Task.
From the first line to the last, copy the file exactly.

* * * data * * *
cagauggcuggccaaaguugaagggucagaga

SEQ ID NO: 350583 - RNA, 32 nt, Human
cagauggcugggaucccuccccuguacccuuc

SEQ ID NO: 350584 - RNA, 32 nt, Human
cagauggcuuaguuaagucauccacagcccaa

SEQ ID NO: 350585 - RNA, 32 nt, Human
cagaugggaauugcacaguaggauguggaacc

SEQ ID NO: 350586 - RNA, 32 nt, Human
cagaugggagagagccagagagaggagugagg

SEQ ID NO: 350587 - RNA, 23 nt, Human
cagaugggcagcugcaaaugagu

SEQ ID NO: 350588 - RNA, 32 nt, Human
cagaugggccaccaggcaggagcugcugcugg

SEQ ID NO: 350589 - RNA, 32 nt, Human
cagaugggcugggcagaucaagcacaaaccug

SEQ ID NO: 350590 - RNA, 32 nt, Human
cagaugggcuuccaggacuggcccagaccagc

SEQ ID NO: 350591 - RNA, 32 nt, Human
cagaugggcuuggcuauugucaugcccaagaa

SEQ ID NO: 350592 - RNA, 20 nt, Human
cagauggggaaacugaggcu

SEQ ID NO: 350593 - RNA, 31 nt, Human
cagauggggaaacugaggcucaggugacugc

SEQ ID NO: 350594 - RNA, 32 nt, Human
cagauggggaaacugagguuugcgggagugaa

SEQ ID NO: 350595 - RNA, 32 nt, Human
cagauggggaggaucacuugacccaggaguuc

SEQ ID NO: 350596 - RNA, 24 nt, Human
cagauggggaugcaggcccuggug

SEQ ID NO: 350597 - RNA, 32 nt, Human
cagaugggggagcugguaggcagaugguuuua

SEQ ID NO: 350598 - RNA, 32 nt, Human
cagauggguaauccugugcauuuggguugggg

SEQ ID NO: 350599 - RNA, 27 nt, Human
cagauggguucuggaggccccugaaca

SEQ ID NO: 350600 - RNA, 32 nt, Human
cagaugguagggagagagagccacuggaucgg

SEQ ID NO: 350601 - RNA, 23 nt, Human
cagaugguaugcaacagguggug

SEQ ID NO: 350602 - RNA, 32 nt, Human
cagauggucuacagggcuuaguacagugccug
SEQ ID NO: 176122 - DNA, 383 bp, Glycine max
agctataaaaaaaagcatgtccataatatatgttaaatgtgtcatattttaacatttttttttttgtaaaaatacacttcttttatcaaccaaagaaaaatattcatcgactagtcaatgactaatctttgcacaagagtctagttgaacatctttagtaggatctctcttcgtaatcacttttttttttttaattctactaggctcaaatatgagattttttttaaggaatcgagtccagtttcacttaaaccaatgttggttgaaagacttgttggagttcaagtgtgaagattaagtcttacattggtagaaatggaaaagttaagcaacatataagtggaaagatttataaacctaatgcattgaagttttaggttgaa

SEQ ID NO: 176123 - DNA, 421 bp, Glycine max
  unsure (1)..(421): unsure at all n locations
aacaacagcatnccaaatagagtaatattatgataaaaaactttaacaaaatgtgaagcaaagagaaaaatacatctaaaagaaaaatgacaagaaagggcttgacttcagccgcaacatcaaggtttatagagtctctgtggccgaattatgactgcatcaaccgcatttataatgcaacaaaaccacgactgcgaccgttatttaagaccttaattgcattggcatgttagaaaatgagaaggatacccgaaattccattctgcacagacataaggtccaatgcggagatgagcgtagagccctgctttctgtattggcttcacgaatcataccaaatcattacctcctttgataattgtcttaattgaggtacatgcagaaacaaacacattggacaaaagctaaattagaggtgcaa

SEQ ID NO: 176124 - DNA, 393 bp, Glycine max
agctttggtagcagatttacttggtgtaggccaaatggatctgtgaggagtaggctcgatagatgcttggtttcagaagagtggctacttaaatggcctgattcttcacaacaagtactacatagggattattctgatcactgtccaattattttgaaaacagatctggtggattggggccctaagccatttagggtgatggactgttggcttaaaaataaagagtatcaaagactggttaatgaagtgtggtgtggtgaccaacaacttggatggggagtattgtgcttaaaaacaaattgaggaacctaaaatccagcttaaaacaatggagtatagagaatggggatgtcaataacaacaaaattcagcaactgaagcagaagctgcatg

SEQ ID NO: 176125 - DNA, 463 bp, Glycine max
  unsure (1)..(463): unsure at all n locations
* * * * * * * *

cagauggcuggccaaaguugaagggucagaga

SEQ ID NO: 350583 - RNA, 32 nt, Human
cagauggcugggaucccuccccuguacccuuc

SEQ ID NO: 350584 - RNA, 32 nt, Human
cagauggcuuaguuaagucauccacagcccaa

SEQ ID NO: 350585 - RNA, 32 nt, Human
cagaugggaauugcacaguaggauguggaacc

SEQ ID NO: 350586 - RNA, 32 nt, Human
cagaugggagagagccagagagaggagugagg

SEQ ID NO: 350587 - RNA, 23 nt, Human
cagaugggcagcugcaaaugagu

SEQ ID NO: 350588 - RNA, 32 nt, Human
cagaugggccaccaggcaggagcugcugcugg

SEQ ID NO: 350589 - RNA, 32 nt, Human
cagaugggcugggcagaucaagcacaaaccug

SEQ ID NO: 350590 - RNA, 32 nt, Human
cagaugggcuuccaggacuggcccagaccagc

SEQ ID NO: 350591 - RNA, 32 nt, Human
cagaugggcuuggcuauugucaugcccaagaa

SEQ ID NO: 350592 - RNA, 20 nt, Human
cagauggggaaacugaggcu

SEQ ID NO: 350593 - RNA, 31 nt, Human
cagauggggaaacugaggcucaggugacugc

SEQ ID NO: 350594 - RNA, 32 nt, Human
cagauggggaaacugagguuugcgggagugaa

SEQ ID NO: 350595 - RNA, 32 nt, Human
cagauggggaggaucacuugacccaggaguuc

SEQ ID NO: 350596 - RNA, 24 nt, Human
cagauggggaugcaggcccuggug

SEQ ID NO: 350597 - RNA, 32 nt, Human
cagaugggggagcugguaggcagaugguuuua

SEQ ID NO: 350598 - RNA, 32 nt, Human
cagauggguaauccugugcauuuggguugggg

SEQ ID NO: 350599 - RNA, 27 nt, Human
cagauggguucuggaggccccugaaca

SEQ ID NO: 350600 - RNA, 32 nt, Human
cagaugguagggagagagagccacuggaucgg

SEQ ID NO: 350601 - RNA, 23 nt, Human
cagaugguaugcaacagguggug

SEQ ID NO: 350602 - RNA, 32 nt, Human
cagauggucuacagggcuuaguacagugccug
SEQ ID NO: 176122 - DNA, 383 bp, Glycine max
agctataaaaaaaagcatgtccataatatatgttaaatgtgtcatattttaacatttttttttttgtaaaaatacacttcttttatcaaccaaagaaaaatattcatcgactagtcaatgactaatctttgcacaagagtctagttgaacatctttagtaggatctctcttcgtaatcacttttttttttttaattctactaggctcaaatatgagattttttttaaggaatcgagtccagtttcacttaaaccaatgttggttgaaagacttgttggagttcaagtgtgaagattaagtcttacattggtagaaatggaaaagttaagcaacatataagtggaaagatttataaacctaatgcattgaagttttaggttgaa

SEQ ID NO: 176123 - DNA, 421 bp, Glycine max
  unsure (1)..(421): unsure at all n locations
aacaacagcatnccaaatagagtaatattatgataaaaaactttaacaaaatgtgaagcaaagagaaaaatacatctaaaagaaaaatgacaagaaagggcttgacttcagccgcaacatcaaggtttatagagtctctgtggccgaattatgactgcatcaaccgcatttataatgcaacaaaaccacgactgcgaccgttatttaagaccttaattgcattggcatgttagaaaatgagaaggatacccgaaattccattctgcacagacataaggtccaatgcggagatgagcgtagagccctgctttctgtattggcttcacgaatcataccaaatcattacctcctttgataattgtcttaattgaggtacatgcagaaacaaacacattggacaaaagctaaattagaggtgcaa

SEQ ID NO: 176124 - DNA, 393 bp, Glycine max
agctttggtagcagatttacttggtgtaggccaaatggatctgtgaggagtaggctcgatagatgcttggtttcagaagagtggctacttaaatggcctgattcttcacaacaagtactacatagggattattctgatcactgtccaattattttgaaaacagatctggtggattggggccctaagccatttagggtgatggactgttggcttaaaaataaagagtatcaaagactggttaatgaagtgtggtgtggtgaccaacaacttggatggggagtattgtgcttaaaaacaaattgaggaacctaaaatccagcttaaaacaatggagtatagagaatggggatgtcaataacaacaaaattcagcaactgaagcagaagctgcatg

SEQ ID NO: 176125 - DNA, 463 bp, Glycine max
  unsure (1)..(463): unsure at all n locations